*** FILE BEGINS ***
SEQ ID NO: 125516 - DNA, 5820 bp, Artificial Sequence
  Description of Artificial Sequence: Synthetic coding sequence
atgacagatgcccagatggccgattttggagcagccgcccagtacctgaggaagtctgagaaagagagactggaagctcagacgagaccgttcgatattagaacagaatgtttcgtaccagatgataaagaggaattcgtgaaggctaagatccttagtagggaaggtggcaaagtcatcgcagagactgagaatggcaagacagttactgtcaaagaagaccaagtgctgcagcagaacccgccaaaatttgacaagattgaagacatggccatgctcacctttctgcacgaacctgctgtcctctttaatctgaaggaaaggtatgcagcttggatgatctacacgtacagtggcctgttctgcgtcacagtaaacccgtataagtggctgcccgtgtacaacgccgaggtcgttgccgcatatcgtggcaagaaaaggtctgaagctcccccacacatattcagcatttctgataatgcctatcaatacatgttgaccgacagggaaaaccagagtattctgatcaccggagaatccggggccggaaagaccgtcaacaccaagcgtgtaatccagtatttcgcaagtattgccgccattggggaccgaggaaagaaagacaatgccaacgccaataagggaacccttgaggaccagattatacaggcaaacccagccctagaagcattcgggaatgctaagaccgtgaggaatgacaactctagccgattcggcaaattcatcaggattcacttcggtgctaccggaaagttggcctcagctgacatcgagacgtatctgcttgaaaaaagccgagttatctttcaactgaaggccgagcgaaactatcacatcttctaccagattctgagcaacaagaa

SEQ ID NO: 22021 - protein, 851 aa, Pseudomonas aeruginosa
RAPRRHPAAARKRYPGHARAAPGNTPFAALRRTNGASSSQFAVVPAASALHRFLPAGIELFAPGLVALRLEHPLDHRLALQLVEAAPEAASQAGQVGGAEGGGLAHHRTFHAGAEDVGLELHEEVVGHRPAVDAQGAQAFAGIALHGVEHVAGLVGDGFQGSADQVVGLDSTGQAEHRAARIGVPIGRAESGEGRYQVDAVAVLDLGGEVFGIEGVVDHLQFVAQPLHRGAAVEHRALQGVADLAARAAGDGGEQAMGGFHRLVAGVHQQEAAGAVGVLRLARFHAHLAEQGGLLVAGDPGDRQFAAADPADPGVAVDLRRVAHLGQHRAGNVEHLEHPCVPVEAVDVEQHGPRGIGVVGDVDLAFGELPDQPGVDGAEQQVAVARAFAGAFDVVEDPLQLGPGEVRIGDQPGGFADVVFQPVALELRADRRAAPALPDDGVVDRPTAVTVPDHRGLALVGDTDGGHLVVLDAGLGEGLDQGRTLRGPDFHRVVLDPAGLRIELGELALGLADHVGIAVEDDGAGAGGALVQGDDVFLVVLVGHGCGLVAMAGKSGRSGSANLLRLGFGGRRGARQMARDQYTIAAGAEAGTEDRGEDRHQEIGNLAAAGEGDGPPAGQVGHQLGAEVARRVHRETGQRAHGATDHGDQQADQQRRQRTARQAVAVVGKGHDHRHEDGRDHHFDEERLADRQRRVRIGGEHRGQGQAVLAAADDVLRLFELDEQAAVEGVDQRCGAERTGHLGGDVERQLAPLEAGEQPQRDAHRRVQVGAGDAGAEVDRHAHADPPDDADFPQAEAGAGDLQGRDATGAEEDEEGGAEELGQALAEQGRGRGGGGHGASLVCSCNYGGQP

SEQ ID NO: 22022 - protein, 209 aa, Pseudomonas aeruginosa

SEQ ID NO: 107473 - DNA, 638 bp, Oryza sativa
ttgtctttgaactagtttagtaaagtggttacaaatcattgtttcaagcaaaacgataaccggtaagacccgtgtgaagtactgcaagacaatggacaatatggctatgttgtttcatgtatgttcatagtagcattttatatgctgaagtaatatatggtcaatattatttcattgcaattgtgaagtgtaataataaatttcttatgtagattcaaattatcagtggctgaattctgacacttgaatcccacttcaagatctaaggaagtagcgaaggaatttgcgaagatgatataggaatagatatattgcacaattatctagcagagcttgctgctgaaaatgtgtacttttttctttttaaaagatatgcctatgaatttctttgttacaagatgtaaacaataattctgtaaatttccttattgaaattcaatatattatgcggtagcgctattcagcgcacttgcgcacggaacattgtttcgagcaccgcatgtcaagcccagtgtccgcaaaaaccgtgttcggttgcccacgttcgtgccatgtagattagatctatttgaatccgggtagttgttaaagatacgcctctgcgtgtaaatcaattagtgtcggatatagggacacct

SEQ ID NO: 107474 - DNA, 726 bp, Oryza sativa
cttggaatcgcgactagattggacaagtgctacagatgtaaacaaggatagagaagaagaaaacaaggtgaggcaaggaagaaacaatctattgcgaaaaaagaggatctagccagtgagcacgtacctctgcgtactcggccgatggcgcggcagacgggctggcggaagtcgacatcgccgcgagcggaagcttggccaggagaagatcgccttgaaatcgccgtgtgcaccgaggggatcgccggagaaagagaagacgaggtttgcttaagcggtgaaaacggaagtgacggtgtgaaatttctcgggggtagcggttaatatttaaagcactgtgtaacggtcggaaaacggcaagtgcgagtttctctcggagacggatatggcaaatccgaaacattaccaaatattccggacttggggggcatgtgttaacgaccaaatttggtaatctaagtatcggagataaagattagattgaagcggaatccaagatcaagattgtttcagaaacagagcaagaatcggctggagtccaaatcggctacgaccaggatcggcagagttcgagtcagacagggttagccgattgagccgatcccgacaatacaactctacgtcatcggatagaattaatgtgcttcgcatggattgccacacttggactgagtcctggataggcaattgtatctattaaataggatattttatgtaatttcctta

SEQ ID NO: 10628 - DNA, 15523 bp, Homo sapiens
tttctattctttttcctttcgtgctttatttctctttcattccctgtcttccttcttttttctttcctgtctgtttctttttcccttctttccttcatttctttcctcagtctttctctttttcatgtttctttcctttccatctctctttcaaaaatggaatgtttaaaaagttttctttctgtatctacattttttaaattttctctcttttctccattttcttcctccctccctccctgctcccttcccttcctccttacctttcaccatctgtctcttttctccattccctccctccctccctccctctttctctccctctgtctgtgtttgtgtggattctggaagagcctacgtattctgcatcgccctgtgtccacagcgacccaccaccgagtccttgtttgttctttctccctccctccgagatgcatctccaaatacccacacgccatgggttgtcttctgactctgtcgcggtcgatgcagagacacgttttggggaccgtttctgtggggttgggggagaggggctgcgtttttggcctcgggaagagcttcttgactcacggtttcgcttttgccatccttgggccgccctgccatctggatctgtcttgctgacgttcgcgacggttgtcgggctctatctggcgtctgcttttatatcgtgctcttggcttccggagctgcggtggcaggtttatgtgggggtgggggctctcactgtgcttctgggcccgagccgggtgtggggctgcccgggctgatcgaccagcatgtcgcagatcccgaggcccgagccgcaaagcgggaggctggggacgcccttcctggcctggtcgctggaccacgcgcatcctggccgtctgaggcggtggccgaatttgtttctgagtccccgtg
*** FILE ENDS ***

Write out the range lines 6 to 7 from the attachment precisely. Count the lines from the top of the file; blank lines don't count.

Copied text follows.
SEQ ID NO: 22022 - protein, 209 aa, Pseudomonas aeruginosa

SEQ ID NO: 107473 - DNA, 638 bp, Oryza sativa